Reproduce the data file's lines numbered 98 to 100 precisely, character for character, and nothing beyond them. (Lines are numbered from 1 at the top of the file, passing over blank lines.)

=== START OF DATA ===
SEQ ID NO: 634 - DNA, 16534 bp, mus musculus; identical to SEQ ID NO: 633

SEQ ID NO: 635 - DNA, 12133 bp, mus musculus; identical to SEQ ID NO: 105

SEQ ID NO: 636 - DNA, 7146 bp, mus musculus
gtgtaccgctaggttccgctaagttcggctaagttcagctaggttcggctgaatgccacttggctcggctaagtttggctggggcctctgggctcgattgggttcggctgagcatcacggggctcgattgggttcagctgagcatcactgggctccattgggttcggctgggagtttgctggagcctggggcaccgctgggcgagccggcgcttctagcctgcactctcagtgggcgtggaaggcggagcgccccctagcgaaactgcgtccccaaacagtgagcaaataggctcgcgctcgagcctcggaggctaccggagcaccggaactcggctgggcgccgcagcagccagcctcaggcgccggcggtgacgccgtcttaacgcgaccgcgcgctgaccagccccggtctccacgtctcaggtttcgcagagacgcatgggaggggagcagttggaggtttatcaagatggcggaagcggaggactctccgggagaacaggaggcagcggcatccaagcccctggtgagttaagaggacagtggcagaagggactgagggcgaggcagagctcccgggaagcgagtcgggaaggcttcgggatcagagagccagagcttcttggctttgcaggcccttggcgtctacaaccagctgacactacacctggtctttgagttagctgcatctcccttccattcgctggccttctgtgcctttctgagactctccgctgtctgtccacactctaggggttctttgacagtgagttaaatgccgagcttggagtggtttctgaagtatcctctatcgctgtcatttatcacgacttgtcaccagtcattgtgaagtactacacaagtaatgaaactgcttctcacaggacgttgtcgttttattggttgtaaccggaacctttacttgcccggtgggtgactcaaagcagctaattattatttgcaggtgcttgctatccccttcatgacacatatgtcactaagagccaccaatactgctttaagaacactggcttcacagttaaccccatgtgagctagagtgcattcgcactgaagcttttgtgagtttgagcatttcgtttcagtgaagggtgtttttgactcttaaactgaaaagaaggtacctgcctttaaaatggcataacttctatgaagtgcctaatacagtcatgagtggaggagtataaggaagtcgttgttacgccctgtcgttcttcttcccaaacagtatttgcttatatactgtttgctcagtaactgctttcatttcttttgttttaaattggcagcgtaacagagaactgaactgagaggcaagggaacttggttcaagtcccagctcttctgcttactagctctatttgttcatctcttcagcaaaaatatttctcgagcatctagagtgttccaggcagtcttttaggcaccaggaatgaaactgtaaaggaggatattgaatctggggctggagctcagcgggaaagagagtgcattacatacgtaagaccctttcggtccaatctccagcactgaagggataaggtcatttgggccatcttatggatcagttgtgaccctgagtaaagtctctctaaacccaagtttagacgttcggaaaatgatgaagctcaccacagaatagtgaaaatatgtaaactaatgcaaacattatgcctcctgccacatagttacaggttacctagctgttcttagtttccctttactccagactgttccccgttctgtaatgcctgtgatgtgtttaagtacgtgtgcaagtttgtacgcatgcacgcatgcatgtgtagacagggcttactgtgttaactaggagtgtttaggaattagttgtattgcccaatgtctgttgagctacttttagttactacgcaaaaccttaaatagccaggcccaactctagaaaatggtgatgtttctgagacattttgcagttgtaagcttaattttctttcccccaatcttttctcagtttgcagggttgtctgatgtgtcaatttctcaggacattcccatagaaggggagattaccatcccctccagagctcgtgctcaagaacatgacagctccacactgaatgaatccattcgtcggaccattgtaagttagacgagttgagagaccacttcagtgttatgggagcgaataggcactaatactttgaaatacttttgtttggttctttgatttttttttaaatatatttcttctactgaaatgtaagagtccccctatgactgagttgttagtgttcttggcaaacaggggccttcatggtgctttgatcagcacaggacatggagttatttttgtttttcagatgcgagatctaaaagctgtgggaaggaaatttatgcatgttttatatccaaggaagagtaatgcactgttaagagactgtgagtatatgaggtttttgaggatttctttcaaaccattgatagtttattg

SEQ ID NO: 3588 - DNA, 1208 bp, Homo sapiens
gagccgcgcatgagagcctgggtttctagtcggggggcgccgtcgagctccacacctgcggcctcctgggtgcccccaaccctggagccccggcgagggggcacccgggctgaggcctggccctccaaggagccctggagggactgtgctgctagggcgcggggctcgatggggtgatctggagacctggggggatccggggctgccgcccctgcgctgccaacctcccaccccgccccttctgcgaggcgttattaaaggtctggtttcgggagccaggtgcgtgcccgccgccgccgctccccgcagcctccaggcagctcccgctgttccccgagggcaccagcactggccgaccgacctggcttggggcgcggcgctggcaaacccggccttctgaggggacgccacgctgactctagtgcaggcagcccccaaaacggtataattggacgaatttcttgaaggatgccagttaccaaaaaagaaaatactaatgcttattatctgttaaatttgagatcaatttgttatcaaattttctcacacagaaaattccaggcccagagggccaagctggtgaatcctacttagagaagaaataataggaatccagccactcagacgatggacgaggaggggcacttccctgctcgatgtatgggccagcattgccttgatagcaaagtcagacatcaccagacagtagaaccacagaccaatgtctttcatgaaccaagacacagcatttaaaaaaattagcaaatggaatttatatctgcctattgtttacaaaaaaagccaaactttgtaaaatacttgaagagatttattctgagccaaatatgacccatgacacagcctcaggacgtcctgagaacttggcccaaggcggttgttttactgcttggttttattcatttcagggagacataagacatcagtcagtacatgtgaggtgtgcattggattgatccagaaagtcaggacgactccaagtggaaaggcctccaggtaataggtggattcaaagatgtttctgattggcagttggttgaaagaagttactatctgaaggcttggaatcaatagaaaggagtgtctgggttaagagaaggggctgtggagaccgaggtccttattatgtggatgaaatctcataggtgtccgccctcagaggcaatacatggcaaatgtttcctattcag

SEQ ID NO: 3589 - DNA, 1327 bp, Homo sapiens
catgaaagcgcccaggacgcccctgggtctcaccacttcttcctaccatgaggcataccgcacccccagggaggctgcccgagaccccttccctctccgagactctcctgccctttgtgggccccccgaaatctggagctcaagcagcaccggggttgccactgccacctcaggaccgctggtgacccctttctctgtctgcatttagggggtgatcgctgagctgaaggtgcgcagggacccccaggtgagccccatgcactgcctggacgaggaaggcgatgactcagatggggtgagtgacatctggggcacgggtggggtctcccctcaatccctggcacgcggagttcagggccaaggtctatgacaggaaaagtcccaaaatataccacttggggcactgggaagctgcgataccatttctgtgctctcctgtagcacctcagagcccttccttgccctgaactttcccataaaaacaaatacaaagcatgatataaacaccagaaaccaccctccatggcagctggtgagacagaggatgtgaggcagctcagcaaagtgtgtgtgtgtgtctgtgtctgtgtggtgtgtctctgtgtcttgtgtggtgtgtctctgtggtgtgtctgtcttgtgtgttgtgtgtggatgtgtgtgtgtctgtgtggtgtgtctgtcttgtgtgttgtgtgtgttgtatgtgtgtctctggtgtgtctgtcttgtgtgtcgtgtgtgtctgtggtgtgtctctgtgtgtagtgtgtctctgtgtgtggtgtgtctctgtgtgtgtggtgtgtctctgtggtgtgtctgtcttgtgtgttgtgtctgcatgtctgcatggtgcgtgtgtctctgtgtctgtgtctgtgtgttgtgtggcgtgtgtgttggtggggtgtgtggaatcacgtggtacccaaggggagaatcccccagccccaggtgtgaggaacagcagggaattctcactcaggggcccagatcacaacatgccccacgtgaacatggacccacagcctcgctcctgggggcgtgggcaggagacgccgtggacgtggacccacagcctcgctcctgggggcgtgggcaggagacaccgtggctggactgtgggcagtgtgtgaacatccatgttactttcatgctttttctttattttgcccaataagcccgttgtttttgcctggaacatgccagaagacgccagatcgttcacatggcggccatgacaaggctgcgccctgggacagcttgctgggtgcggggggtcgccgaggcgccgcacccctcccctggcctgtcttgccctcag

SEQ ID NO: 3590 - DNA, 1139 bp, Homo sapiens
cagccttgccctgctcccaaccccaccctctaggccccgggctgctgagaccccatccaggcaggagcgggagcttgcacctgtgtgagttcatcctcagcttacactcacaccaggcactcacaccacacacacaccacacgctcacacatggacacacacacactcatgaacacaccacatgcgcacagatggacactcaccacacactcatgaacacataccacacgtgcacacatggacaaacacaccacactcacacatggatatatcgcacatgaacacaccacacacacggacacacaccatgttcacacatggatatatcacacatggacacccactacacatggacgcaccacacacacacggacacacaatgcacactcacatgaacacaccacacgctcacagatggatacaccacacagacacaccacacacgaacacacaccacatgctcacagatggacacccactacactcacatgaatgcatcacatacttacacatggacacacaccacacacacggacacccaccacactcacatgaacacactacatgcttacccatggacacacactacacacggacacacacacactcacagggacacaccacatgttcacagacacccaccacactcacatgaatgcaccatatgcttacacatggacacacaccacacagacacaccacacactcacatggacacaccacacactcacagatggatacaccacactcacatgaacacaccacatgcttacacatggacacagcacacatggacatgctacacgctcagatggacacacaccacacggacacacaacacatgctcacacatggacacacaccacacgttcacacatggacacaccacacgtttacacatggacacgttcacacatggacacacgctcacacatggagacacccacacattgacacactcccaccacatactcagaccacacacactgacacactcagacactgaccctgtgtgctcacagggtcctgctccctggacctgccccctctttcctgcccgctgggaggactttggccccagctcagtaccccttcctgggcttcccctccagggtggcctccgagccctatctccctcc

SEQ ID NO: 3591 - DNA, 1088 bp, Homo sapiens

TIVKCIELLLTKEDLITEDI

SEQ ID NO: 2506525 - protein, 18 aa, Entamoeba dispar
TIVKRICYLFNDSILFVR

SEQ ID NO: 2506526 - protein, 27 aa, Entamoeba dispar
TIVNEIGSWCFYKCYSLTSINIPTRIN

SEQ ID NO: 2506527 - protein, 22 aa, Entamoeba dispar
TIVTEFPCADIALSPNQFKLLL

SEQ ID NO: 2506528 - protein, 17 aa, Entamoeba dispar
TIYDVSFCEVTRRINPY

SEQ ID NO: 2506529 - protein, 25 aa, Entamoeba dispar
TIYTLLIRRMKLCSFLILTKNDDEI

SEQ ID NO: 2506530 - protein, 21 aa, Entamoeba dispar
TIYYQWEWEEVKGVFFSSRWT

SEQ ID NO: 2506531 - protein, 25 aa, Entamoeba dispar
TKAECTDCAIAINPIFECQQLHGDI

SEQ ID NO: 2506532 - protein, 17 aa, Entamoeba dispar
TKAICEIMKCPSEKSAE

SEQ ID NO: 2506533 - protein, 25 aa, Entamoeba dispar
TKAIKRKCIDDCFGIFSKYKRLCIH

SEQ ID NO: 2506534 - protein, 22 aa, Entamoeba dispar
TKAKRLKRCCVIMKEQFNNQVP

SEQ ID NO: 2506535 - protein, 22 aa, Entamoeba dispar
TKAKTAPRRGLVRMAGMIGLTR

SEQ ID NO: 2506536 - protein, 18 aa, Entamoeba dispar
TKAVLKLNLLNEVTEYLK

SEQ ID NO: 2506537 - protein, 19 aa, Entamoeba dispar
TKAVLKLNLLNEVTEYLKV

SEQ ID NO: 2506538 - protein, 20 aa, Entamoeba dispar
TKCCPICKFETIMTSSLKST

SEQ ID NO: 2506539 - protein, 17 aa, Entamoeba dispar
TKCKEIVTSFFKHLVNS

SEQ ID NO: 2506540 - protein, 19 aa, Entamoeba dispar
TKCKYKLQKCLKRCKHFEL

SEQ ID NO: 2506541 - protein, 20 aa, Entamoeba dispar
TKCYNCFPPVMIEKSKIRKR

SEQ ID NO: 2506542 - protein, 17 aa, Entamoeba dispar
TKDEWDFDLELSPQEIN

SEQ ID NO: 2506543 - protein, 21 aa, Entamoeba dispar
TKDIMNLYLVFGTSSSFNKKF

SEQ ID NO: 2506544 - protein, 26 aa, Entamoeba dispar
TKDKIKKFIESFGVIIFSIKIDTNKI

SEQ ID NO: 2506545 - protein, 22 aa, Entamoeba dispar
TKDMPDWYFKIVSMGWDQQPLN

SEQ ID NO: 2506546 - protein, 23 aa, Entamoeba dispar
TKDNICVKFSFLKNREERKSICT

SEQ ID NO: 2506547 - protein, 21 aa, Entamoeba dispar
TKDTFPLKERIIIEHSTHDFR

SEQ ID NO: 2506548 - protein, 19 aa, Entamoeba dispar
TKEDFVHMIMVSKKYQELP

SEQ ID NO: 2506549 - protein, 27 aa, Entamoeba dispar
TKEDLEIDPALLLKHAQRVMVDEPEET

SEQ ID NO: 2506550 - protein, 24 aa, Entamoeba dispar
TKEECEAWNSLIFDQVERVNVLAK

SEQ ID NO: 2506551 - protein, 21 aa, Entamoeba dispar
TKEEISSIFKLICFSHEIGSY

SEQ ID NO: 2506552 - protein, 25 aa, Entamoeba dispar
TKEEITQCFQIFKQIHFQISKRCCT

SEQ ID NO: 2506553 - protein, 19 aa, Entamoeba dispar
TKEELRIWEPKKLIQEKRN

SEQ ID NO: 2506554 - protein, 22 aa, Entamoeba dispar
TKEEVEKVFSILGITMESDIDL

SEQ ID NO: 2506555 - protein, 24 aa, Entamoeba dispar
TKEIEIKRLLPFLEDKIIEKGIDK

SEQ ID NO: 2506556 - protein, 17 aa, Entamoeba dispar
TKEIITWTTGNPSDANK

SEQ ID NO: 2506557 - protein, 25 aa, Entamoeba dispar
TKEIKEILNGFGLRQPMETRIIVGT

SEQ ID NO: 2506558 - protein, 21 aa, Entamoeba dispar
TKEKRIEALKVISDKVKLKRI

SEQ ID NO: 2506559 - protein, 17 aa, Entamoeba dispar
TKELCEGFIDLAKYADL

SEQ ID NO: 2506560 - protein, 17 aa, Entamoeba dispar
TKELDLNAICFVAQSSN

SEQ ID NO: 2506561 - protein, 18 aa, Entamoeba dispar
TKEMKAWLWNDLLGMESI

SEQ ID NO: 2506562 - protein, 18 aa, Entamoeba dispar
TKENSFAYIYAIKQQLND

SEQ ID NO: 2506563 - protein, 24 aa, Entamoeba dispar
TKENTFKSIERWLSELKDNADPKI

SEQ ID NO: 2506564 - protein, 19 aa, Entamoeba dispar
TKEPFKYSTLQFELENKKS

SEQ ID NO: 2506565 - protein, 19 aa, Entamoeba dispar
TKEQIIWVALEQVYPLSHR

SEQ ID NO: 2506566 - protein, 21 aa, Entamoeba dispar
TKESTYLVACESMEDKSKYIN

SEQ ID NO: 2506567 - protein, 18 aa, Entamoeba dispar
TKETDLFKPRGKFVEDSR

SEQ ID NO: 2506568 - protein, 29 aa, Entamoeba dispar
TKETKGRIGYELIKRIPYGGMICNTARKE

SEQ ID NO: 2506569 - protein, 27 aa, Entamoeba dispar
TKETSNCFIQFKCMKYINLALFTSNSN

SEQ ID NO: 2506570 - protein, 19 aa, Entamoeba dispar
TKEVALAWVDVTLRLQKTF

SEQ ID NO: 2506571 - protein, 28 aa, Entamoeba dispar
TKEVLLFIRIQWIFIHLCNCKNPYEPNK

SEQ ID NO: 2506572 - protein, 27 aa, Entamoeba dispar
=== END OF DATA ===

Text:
TKETDLFKPRGKFVEDSR

SEQ ID NO: 2506568 - protein, 29 aa, Entamoeba dispar
TKETKGRIGYELIKRIPYGGMICNTARKE